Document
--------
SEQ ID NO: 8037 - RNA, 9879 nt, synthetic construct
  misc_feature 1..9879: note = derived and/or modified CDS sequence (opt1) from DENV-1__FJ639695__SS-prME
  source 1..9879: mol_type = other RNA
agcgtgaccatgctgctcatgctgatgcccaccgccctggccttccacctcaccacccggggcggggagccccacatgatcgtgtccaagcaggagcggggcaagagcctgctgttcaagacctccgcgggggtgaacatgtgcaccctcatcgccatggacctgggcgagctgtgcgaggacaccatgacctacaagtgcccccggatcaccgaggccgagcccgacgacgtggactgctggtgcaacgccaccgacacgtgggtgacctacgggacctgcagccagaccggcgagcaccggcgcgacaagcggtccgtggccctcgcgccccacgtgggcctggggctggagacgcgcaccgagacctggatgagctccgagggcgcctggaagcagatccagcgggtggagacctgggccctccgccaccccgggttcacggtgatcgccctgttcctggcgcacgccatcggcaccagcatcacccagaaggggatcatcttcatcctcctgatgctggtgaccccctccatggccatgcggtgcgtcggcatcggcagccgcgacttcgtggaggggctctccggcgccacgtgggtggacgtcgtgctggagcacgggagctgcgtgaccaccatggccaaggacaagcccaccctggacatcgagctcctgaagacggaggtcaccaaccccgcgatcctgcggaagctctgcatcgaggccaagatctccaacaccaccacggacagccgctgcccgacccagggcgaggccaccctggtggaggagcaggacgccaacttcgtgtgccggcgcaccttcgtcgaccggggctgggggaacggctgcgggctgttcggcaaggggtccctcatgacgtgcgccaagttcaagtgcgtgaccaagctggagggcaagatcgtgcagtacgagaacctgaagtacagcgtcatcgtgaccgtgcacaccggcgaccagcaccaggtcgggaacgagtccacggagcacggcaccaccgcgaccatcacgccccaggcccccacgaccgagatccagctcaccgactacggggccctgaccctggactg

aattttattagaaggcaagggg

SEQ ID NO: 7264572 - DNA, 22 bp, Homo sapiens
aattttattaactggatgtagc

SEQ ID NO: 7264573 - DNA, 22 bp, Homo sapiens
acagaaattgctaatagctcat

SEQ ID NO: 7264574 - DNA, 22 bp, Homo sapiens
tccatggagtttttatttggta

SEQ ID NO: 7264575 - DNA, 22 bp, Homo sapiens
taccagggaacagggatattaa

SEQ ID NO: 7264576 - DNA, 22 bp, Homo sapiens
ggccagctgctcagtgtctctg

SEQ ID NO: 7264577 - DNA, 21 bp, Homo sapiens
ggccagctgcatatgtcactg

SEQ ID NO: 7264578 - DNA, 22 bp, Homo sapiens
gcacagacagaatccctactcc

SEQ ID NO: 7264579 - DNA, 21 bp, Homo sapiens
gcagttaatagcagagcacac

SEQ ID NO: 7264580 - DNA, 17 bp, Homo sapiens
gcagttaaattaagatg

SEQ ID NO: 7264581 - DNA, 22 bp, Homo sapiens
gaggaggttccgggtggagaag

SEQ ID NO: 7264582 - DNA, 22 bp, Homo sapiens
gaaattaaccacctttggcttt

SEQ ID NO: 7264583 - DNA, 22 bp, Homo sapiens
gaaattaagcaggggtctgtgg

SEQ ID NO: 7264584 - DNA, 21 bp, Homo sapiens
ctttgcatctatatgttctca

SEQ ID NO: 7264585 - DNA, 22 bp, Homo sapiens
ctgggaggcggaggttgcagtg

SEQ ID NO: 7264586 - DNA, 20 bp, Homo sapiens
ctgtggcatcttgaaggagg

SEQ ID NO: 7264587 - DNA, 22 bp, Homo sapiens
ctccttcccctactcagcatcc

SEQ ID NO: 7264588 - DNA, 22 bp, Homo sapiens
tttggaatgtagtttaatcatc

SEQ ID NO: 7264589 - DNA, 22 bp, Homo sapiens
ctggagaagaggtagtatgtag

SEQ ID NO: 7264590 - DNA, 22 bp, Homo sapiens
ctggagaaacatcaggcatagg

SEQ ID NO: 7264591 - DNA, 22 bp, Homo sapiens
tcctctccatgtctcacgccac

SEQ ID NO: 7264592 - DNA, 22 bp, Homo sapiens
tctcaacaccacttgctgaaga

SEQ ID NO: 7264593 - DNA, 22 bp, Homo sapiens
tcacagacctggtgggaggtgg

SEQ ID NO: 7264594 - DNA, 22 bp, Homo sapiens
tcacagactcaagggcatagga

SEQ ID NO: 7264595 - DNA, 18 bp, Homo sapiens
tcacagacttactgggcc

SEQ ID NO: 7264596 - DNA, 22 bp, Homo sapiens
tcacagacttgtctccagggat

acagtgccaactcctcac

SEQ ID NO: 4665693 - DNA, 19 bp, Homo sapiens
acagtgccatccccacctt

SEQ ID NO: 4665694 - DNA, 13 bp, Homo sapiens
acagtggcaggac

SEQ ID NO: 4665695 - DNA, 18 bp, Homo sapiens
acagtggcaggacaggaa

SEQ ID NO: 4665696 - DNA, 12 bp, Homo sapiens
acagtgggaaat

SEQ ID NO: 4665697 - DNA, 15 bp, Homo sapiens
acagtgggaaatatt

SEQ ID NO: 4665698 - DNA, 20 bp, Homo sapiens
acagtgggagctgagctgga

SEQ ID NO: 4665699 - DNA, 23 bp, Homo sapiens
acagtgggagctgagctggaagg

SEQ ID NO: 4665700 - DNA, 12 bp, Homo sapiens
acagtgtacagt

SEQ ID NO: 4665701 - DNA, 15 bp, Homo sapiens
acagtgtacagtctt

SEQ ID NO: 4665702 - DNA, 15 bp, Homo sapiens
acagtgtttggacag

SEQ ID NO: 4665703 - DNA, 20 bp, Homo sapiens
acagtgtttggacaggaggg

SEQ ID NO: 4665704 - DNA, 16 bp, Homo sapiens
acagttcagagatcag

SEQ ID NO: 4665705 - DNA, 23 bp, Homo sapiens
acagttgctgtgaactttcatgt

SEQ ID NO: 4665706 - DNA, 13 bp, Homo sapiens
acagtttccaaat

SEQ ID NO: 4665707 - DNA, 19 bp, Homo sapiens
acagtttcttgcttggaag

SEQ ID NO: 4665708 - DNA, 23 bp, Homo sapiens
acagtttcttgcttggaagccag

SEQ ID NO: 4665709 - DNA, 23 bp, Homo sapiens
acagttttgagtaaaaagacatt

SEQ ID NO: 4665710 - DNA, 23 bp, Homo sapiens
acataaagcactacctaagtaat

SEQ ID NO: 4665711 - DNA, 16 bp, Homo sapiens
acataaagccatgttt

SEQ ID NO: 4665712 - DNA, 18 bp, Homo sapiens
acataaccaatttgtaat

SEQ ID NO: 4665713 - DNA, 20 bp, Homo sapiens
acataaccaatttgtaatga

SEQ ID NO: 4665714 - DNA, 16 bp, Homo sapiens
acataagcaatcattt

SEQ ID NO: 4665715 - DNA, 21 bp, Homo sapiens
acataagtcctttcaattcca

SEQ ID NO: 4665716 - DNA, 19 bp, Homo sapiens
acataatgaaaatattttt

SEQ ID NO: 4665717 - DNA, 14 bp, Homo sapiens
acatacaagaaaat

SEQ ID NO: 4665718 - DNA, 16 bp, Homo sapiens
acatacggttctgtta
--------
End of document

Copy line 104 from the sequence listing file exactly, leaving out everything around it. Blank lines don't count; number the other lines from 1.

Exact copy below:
acataatgaaaatattttt